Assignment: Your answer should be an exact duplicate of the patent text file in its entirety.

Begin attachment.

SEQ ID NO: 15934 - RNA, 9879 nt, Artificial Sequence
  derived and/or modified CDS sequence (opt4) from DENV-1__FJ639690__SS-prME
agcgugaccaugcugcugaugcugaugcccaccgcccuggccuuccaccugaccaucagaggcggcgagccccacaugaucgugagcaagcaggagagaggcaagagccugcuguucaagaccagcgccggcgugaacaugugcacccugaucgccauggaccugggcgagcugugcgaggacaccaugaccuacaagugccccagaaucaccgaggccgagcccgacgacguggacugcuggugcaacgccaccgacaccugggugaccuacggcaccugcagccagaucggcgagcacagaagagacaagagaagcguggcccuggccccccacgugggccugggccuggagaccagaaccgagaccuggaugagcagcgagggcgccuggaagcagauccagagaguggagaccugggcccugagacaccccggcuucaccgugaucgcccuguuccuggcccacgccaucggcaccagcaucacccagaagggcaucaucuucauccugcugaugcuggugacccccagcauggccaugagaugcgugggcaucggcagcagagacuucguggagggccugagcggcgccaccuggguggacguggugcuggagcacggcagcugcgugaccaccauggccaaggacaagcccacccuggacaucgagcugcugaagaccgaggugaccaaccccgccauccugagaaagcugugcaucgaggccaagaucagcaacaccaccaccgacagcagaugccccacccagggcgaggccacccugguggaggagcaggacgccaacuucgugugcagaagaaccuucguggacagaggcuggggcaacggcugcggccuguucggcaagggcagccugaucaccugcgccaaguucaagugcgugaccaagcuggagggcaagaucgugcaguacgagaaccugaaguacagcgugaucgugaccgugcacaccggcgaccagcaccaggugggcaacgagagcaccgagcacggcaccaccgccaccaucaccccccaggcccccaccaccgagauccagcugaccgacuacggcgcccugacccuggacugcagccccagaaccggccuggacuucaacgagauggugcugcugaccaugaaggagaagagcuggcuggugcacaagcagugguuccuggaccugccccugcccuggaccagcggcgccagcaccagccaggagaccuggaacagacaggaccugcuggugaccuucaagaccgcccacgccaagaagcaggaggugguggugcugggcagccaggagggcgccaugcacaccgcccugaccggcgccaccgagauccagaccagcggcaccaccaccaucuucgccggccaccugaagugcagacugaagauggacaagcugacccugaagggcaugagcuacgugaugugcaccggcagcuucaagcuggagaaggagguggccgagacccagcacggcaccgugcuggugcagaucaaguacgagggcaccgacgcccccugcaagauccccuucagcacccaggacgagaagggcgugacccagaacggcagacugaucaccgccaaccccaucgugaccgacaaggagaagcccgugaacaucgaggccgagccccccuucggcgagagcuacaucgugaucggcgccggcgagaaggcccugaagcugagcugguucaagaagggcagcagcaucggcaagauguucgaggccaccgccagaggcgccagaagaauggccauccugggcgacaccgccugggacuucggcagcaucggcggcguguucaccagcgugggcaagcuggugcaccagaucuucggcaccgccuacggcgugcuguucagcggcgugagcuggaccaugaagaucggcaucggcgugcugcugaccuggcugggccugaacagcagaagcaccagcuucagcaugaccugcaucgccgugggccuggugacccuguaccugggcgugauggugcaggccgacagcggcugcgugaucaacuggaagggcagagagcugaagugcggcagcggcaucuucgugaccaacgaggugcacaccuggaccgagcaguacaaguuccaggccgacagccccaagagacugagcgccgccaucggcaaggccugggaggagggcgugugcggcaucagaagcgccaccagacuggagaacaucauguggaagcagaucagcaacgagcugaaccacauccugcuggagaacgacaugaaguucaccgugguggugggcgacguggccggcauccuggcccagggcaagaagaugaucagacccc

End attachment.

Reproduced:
SEQ ID NO: 15934 - RNA, 9879 nt, Artificial Sequence
  derived and/or modified CDS sequence (opt4) from DENV-1__FJ639690__SS-prME
agcgugaccaugcugcugaugcugaugcccaccgcccuggccuuccaccugaccaucagaggcggcgagccccacaugaucgugagcaagcaggagagaggcaagagccugcuguucaagaccagcgccggcgugaacaugugcacccugaucgccauggaccugggcgagcugugcgaggacaccaugaccuacaagugccccagaaucaccgaggccgagcccgacgacguggacugcuggugcaacgccaccgacaccugggugaccuacggcaccugcagccagaucggcgagcacagaagagacaagagaagcguggcccuggccccccacgugggccugggccuggagaccagaaccgagaccuggaugagcagcgagggcgccuggaagcagauccagagaguggagaccugggcccugagacaccccggcuucaccgugaucgcccuguuccuggcccacgccaucggcaccagcaucacccagaagggcaucaucuucauccugcugaugcuggugacccccagcauggccaugagaugcgugggcaucggcagcagagacuucguggagggccugagcggcgccaccuggguggacguggugcuggagcacggcagcugcgugaccaccauggccaaggacaagcccacccuggacaucgagcugcugaagaccgaggugaccaaccccgccauccugagaaagcugugcaucgaggccaagaucagcaacaccaccaccgacagcagaugccccacccagggcgaggccacccugguggaggagcaggacgccaacuucgugugcagaagaaccuucguggacagaggcuggggcaacggcugcggccuguucggcaagggcagccugaucaccugcgccaaguucaagugcgugaccaagcuggagggcaagaucgugcaguacgagaaccugaaguacagcgugaucgugaccgugcacaccggcgaccagcaccaggugggcaacgagagcaccgagcacggcaccaccgccaccaucaccccccaggcccccaccaccgagauccagcugaccgacuacggcgcccugacccuggacugcagccccagaaccggccuggacuucaacgagauggugcugcugaccaugaaggagaagagcuggcuggugcacaagcagugguuccuggaccugccccugcccuggaccagcggcgccagcaccagccaggagaccuggaacagacaggaccugcuggugaccuucaagaccgcccacgccaagaagcaggaggugguggugcugggcagccaggagggcgccaugcacaccgcccugaccggcgccaccgagauccagaccagcggcaccaccaccaucuucgccggccaccugaagugcagacugaagauggacaagcugacccugaagggcaugagcuacgugaugugcaccggcagcuucaagcuggagaaggagguggccgagacccagcacggcaccgugcuggugcagaucaaguacgagggcaccgacgcccccugcaagauccccuucagcacccaggacgagaagggcgugacccagaacggcagacugaucaccgccaaccccaucgugaccgacaaggagaagcccgugaacaucgaggccgagccccccuucggcgagagcuacaucgugaucggcgccggcgagaaggcccugaagcugagcugguucaagaagggcagcagcaucggcaagauguucgaggccaccgccagaggcgccagaagaauggccauccugggcgacaccgccugggacuucggcagcaucggcggcguguucaccagcgugggcaagcuggugcaccagaucuucggcaccgccuacggcgugcuguucagcggcgugagcuggaccaugaagaucggcaucggcgugcugcugaccuggcugggccugaacagcagaagcaccagcuucagcaugaccugcaucgccgugggccuggugacccuguaccugggcgugauggugcaggccgacagcggcugcgugaucaacuggaagggcagagagcugaagugcggcagcggcaucuucgugaccaacgaggugcacaccuggaccgagcaguacaaguuccaggccgacagccccaagagacugagcgccgccaucggcaaggccugggaggagggcgugugcggcaucagaagcgccaccagacuggagaacaucauguggaagcagaucagcaacgagcugaaccacauccugcuggagaacgacaugaaguucaccgugguggugggcgacguggccggcauccuggcccagggcaagaagaugaucagacccc